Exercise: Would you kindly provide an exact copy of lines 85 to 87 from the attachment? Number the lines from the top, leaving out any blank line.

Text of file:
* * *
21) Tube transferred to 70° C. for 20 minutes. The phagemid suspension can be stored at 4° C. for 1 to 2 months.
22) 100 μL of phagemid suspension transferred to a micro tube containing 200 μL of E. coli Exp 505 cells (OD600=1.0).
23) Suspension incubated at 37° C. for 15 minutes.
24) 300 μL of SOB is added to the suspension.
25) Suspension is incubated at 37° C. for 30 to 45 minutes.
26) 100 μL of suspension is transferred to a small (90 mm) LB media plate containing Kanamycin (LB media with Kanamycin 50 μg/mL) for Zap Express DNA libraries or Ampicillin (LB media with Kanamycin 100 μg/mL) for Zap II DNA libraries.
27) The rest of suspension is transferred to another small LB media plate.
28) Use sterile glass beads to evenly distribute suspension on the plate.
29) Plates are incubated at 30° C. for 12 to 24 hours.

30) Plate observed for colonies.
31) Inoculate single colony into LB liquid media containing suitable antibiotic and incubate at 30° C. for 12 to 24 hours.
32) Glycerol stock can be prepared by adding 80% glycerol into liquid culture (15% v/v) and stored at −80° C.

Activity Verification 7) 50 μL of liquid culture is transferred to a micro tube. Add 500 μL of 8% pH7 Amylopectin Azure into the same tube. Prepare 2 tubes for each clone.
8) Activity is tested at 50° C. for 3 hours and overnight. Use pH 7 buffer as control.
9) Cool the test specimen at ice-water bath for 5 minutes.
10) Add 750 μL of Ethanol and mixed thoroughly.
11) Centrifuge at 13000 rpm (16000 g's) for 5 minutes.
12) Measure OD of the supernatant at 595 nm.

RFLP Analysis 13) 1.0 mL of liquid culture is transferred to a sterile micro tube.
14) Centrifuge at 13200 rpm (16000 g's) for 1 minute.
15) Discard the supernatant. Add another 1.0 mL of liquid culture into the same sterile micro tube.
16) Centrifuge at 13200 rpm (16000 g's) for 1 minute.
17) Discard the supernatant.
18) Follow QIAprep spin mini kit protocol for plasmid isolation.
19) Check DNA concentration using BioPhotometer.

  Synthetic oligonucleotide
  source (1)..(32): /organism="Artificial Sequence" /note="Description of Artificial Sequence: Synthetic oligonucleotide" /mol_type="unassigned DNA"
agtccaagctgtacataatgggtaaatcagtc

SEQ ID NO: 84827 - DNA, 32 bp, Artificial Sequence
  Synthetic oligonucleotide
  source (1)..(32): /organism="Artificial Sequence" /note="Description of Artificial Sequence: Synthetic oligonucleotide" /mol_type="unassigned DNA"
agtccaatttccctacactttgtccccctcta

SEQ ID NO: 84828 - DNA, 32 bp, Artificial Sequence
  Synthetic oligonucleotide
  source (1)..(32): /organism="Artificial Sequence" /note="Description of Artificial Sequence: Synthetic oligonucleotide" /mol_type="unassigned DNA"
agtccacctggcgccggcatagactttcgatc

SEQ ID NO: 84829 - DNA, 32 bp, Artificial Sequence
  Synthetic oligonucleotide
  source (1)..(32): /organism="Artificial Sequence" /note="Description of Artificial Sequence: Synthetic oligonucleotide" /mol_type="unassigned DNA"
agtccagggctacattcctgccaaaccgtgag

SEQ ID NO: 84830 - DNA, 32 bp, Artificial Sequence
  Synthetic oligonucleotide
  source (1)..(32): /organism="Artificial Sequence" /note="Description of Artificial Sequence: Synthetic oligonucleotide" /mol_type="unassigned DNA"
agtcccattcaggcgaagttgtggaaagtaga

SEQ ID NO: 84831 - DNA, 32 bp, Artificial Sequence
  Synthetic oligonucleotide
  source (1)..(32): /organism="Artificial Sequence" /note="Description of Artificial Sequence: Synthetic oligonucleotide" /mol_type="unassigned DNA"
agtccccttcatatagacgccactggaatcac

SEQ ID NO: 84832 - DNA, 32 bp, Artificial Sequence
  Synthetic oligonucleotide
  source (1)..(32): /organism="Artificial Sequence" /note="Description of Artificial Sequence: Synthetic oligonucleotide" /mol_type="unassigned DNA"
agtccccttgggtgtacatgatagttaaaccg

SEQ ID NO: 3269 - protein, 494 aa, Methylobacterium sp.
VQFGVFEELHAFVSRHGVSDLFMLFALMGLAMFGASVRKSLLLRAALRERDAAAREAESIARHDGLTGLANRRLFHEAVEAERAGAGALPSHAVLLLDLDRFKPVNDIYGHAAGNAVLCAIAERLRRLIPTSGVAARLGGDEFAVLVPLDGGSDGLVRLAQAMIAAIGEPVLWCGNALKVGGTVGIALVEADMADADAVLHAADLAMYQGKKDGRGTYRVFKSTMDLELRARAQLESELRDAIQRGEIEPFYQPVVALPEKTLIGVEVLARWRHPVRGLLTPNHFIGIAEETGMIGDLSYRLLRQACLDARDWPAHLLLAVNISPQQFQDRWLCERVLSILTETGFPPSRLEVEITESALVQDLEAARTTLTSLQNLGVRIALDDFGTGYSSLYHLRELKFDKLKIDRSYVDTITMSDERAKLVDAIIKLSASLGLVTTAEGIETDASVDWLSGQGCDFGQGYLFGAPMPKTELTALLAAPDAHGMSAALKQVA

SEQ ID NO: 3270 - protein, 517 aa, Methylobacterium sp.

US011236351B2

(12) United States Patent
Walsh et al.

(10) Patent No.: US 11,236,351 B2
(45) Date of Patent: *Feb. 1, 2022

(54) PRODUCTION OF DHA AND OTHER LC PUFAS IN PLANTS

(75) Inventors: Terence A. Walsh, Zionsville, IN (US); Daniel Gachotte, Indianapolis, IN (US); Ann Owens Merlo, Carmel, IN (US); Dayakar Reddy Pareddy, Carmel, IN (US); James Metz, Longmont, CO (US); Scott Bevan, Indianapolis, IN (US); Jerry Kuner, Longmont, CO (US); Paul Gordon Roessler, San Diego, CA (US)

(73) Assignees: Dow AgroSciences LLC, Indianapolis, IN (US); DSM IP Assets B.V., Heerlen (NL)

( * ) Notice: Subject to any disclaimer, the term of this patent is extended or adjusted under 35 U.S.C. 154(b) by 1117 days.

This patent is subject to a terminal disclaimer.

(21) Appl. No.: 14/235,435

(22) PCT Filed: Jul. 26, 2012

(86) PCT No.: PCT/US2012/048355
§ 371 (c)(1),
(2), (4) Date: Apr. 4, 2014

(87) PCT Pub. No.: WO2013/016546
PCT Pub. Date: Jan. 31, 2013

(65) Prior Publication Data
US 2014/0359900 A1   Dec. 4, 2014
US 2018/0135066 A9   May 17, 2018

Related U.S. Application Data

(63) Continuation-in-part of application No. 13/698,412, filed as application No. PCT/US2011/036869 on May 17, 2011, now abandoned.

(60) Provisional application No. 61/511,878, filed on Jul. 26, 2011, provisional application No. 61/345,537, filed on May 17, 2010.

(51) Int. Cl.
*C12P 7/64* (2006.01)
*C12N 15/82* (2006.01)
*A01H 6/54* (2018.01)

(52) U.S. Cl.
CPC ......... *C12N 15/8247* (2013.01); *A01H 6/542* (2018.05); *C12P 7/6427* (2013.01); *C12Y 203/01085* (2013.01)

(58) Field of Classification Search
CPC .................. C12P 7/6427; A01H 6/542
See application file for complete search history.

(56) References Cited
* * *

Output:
(58) Field of Classification Search
CPC .................. C12P 7/6427; A01H 6/542
See application file for complete search history.